Dar es Salaam, Tanzania — ESI-AFRICA.COM — 16 January 2012 – The investment profile of the East Africa common market is coming under sharp focus for substantial increases in electricity tariffs that threaten to escalate the cost of doing business in the region.
Policy changes in Tanzania and Uganda have seen the cost of power climb by 40.29 and 42% respectively starting this week.
Electricity prices in Kenya are also anticipated to rise by an average 26% should the Energy Regulatory Commission (ERC) grant sole distributor Kenya Power the authority to increase tariffs.
The expected surge in electricity charges could further stoke inflation, raising the cost of doing business in the region when investors are scouring the ground for opportunities in the expanded common market. “This will be a disadvantage for the common market because energy is a key part of investment,” said East African Community (EAC) Affairs PS David Nalo.
Tanzania’s energy regulator approved an electricity price increase of 40.29% last week for the loss-making Tanzania Electric Supply Company, which had sought a 155% tariff increase to revive profit margins and offset rental charges from independent power producers.
The tariff increase took effect yesterday, but the Energy and Water Regulatory Authority said it would review power prices again after six months.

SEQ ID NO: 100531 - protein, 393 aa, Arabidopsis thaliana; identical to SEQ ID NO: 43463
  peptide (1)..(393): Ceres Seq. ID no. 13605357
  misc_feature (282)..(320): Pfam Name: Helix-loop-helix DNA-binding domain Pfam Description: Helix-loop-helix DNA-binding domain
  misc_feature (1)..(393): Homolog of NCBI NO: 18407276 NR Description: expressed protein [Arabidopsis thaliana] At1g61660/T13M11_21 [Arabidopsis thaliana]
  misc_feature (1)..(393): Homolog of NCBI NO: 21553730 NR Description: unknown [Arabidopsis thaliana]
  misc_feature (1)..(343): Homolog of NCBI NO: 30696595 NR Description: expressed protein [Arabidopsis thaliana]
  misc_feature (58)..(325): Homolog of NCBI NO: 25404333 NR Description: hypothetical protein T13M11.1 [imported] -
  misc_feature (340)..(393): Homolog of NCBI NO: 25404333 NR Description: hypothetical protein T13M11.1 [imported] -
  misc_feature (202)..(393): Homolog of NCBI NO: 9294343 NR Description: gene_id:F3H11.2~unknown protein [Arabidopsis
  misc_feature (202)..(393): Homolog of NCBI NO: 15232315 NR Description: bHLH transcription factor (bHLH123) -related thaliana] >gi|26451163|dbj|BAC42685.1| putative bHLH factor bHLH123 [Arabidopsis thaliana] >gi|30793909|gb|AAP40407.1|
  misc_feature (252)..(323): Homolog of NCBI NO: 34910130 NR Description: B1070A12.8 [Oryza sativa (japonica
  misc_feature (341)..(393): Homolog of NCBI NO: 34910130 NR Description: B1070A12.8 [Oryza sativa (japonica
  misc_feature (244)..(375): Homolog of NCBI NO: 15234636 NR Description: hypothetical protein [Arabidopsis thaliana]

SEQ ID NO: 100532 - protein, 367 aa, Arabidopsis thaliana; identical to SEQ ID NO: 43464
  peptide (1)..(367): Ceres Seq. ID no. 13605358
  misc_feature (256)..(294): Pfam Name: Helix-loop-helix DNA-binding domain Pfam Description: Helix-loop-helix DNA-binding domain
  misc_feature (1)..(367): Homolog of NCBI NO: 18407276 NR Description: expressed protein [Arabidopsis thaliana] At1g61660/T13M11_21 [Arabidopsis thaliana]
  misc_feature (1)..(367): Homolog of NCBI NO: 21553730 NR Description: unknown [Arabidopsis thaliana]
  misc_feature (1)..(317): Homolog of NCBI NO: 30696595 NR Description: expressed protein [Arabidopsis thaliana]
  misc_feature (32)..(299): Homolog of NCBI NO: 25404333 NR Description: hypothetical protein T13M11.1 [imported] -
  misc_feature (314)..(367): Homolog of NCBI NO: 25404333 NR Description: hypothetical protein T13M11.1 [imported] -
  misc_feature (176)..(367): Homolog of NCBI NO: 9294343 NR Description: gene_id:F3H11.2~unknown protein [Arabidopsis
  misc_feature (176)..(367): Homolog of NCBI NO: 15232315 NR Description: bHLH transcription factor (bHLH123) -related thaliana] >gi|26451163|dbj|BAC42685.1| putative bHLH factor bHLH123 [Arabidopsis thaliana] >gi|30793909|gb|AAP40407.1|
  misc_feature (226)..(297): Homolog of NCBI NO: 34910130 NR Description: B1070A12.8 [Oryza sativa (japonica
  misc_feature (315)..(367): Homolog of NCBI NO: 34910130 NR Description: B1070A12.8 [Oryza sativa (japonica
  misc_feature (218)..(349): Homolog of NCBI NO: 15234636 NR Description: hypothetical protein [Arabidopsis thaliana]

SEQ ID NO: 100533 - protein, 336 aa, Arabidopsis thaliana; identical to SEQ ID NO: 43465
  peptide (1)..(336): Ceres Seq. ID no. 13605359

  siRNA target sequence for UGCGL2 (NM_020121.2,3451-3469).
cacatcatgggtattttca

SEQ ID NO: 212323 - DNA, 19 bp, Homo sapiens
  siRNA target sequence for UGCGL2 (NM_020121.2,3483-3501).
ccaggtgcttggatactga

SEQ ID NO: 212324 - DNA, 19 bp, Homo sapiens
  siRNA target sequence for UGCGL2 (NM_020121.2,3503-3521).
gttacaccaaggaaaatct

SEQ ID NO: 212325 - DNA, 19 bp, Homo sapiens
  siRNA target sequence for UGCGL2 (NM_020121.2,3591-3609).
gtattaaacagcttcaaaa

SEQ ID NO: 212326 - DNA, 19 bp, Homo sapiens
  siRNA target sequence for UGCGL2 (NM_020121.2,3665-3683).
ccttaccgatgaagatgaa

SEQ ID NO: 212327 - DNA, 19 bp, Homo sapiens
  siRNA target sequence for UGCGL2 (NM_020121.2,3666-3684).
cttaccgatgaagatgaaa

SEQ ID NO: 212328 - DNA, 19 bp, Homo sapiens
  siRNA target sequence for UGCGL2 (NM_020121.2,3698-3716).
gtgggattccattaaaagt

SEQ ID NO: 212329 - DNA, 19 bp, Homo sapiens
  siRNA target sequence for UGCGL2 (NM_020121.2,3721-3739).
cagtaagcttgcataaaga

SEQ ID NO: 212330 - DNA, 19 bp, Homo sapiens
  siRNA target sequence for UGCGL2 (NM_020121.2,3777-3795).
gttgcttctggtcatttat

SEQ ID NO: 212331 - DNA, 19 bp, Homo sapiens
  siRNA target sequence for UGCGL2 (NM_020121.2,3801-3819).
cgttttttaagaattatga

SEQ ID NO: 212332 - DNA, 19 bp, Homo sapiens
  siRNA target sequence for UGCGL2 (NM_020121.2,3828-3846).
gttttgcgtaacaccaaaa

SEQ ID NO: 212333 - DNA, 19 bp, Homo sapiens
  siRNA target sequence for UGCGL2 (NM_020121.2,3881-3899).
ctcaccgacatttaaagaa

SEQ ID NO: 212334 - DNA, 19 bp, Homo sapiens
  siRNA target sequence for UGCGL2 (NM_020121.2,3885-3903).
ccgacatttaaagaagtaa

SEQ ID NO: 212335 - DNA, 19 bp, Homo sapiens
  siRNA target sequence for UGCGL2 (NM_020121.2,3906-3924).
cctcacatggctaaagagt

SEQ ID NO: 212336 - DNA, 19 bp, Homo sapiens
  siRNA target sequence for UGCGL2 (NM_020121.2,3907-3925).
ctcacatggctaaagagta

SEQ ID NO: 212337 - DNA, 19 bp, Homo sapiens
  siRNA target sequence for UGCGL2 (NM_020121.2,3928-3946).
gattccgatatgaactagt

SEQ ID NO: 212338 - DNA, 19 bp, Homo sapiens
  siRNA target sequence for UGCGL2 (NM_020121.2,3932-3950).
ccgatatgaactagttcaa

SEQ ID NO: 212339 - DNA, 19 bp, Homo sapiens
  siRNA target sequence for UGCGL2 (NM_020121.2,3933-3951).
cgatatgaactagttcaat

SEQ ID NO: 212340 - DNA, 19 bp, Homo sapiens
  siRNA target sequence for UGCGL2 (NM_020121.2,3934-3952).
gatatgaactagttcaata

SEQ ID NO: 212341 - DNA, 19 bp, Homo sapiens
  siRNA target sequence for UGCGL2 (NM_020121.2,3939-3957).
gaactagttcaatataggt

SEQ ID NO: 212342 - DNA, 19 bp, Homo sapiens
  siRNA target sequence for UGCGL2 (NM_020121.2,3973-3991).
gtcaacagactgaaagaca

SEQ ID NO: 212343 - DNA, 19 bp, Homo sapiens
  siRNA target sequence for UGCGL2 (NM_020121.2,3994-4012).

In Uganda last week, the government also abolished electricity subsidies paid to power generators to cushion consumers, a move that will see tariffs rise by an average of 42%. The new tariffs started yesterday.
Energy minister Irene Muloni said that the money freed would be used to expand generation capacity in the country.
“The money freed from the subsidies will be used to finance the implementation of the other critical government programmes “’ for example construction of the 600MW Karuma hydropower project,” Muloni added.
In Kenya, the implementation of the tariffs approved by ERC could come soon when a grace period to cushion consumers from high cost of living comes to an end. The new rates were expected to come into effect in July 2011 but were temporarily shelved amid sharp rises in inflation.